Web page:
This chapter analyses the role of the mass media in people’s perceptions of beauty. We summarize the research literature on the mass media, both traditional media and online social media, and how they appear to interact with psychological factors to impact appearance concerns and body image disturbances. There is a strong support for the idea that traditional forms of media (e.g. magazines and music videos) affect perceptions of beauty and appearance concerns by leading women to internalize a very slender body type as ideal or beautiful. Rather than simply being passive recipients of unrealistic beauty ideals communicated to them via the media, a great number of individuals actually seek out idealized images in the media. Finally, we review what is known about the role of social media in impacting society’s perception of beauty and notions of idealized physical forms. Social media are more interactive than traditional media and the effects of self‐presentation strategies on perceptions of beauty have just begun to be studied. This is an emerging area of research that is of high relevance to researchers and clinicians interested in body image and appearance concerns.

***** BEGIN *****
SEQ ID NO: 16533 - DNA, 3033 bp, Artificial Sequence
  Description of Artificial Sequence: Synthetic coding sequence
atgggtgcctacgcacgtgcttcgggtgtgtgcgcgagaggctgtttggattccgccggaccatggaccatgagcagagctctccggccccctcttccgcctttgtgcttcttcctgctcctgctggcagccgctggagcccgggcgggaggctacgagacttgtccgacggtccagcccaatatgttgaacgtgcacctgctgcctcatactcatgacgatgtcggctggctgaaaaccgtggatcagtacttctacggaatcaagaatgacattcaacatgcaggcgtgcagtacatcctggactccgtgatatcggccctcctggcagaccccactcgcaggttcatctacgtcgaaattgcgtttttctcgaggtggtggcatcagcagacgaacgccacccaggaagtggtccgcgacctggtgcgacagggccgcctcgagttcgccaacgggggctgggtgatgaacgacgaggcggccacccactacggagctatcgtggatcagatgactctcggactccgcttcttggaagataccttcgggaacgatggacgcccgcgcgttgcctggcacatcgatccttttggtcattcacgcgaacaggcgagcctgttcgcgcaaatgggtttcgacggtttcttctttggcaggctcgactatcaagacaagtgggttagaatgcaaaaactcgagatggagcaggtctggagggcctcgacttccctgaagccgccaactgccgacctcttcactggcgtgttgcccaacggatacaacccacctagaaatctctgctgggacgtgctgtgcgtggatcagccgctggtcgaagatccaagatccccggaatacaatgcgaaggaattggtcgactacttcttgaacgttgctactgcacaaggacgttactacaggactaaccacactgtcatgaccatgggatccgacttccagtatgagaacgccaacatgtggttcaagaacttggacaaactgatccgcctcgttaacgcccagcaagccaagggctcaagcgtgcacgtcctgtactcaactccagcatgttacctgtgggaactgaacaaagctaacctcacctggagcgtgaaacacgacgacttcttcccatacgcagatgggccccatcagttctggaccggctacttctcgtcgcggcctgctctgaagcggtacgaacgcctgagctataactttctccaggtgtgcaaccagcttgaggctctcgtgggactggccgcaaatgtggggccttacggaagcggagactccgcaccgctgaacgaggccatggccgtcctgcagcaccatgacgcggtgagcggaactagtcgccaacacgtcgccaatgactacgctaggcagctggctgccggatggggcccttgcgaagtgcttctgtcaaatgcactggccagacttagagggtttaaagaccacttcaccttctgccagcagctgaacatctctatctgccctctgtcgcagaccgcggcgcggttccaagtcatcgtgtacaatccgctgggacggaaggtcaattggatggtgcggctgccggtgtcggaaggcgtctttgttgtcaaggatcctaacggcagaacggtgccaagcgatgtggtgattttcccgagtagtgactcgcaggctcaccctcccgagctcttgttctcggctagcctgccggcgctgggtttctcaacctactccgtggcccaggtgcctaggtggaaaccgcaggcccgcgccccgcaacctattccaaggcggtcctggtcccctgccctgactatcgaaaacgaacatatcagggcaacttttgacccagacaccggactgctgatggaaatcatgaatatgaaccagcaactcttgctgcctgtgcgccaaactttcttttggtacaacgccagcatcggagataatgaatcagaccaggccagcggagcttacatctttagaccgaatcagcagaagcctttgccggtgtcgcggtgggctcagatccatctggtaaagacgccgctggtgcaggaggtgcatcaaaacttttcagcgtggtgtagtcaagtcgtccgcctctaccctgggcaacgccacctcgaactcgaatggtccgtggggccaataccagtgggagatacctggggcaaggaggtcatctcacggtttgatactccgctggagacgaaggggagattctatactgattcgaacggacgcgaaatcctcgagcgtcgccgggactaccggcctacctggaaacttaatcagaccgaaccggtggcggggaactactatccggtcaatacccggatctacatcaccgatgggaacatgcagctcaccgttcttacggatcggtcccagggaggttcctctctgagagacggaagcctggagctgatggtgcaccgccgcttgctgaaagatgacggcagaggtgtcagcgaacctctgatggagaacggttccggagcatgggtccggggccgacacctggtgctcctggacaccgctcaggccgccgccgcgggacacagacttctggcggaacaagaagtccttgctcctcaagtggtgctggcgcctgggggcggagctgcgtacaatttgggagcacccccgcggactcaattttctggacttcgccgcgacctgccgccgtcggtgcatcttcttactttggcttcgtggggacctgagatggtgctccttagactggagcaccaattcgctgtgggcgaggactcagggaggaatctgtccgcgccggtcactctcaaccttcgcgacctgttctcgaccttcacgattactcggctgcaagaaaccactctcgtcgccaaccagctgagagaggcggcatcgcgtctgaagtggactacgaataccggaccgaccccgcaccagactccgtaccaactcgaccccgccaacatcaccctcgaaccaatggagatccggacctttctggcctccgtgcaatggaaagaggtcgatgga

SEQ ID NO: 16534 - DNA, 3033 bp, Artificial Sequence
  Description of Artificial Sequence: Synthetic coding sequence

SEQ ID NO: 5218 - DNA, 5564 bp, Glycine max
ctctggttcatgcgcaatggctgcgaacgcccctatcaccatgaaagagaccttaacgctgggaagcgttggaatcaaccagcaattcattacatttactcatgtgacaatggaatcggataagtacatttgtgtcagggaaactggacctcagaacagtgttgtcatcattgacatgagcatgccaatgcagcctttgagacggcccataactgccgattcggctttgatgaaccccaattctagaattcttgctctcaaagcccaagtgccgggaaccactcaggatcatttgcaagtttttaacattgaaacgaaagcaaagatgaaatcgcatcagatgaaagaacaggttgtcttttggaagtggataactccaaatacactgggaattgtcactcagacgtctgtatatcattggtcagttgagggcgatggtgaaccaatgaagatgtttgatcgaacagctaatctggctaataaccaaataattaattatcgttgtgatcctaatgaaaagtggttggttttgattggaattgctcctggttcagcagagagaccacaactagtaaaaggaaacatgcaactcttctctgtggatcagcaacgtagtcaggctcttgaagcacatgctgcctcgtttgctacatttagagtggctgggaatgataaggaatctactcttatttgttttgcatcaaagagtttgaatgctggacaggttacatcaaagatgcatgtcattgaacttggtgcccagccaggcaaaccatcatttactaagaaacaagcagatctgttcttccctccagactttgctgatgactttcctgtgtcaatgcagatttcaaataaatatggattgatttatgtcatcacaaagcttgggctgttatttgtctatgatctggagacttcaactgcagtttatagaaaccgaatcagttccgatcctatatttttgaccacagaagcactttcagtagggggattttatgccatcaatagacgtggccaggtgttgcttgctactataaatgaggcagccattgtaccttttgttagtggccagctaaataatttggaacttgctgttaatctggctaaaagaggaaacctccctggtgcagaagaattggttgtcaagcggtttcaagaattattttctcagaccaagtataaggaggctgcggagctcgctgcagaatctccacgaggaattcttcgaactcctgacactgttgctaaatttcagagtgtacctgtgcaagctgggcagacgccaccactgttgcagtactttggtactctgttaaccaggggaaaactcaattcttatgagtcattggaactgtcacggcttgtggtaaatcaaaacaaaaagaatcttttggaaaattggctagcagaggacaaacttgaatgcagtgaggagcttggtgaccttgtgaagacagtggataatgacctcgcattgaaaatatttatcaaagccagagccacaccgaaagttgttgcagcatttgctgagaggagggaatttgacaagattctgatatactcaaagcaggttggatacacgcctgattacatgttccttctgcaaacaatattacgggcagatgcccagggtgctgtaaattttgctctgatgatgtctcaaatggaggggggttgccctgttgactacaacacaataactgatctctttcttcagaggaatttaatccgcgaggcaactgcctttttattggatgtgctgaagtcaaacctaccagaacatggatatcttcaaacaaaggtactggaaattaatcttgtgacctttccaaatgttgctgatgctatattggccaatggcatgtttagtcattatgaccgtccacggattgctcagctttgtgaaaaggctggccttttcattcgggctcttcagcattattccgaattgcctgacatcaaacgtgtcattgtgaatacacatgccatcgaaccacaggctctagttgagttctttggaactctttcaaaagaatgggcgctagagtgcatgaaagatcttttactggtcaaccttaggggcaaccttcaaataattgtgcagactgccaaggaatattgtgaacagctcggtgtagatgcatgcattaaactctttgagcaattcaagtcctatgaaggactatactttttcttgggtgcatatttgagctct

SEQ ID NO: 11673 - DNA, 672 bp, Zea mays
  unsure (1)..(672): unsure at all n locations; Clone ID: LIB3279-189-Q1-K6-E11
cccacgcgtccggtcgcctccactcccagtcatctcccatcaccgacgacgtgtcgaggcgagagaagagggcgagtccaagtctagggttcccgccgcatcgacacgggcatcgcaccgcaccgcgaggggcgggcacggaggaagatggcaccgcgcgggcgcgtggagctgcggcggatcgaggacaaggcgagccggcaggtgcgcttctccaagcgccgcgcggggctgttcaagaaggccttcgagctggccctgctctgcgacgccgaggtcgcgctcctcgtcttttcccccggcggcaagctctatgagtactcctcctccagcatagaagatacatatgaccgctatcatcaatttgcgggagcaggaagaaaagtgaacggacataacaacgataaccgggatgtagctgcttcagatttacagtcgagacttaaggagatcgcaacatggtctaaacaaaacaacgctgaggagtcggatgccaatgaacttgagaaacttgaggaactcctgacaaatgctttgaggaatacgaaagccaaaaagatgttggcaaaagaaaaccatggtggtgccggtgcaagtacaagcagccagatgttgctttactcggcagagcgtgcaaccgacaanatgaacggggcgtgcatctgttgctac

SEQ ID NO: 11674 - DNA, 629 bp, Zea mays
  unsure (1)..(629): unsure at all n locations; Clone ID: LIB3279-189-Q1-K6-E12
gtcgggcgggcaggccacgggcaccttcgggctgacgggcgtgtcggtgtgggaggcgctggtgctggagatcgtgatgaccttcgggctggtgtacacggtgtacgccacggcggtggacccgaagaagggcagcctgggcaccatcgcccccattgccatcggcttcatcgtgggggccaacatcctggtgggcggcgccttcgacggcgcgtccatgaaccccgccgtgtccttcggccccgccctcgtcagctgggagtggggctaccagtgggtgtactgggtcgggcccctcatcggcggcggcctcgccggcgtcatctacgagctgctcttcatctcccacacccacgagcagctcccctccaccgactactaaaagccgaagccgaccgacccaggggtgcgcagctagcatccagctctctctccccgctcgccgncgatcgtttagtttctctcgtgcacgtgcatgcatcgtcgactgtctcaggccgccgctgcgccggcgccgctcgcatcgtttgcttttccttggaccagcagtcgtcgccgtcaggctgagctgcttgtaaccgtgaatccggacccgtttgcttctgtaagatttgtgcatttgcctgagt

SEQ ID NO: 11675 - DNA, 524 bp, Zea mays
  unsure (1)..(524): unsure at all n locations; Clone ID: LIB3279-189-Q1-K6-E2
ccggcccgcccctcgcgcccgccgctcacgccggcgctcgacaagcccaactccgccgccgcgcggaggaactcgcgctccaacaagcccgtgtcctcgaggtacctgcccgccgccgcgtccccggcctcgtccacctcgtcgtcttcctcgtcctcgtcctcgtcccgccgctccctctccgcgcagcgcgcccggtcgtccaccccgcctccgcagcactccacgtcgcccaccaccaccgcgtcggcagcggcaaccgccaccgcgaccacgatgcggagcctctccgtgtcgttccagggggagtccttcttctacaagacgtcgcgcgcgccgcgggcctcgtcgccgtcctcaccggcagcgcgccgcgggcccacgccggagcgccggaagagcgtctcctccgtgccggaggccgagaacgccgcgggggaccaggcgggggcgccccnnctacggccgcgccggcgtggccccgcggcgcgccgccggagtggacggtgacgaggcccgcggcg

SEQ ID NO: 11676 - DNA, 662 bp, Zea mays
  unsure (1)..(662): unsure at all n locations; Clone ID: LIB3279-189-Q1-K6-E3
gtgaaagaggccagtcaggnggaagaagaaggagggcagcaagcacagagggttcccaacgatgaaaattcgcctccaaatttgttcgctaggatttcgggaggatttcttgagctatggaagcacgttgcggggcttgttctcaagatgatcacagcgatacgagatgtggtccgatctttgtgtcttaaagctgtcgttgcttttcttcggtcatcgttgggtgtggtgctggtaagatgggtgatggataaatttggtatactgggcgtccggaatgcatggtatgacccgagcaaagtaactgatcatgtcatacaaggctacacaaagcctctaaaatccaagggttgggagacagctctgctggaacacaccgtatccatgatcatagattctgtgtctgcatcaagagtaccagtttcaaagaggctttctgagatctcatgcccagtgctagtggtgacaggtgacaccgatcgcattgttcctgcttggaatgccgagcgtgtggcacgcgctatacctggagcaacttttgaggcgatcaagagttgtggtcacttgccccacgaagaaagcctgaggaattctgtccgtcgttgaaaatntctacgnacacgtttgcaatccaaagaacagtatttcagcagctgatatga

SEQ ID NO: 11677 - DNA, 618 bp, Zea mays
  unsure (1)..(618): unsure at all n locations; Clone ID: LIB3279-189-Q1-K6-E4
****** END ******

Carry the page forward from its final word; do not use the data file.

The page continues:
Part of the book: Perception of Beauty
This chapter explores the efficacy of psychotherapeutic interventions for patients with type 2 diabetes mellitus (T2DM). This condition can lead to serious adverse health outcomes (e.g., cardiovascular disease, blindness, loss of limbs, etc.). Medical interventions alone are often not sufficient to manage the disease. Psychotherapy can promote behavioral change that improves medication adherence, dietary choices, exercise, stress, and other variables that affect blood sugar levels. The current chapter summarizes the trends in recent research for psychotherapeutic interventions for the management of T2DM. The results from 16 randomized controlled trials on cognitive-behavioral therapy, motivational interviewing, counseling, and mindfulness-based therapies are discussed. These interventions varied in length (3 to 18 months) and were conducted in many geographic regions (e.g., Australia, Netherlands, Saudi Arabia, Thailand, and more). Changes in biological health outcomes (i.e., HbA1c levels) were the primary focus of this chapter, but diabetes-related behavioral changes (e.g., diet and exercise) and psychological variables (e.g., stress, depression, and well-being) are also discussed. This chapter highlights that recent research has provided the most support for mindfulness-based therapies for improving blood sugar levels in patients with T2DM.
Part of the book: Psychology and Pathophysiological Outcomes of Eating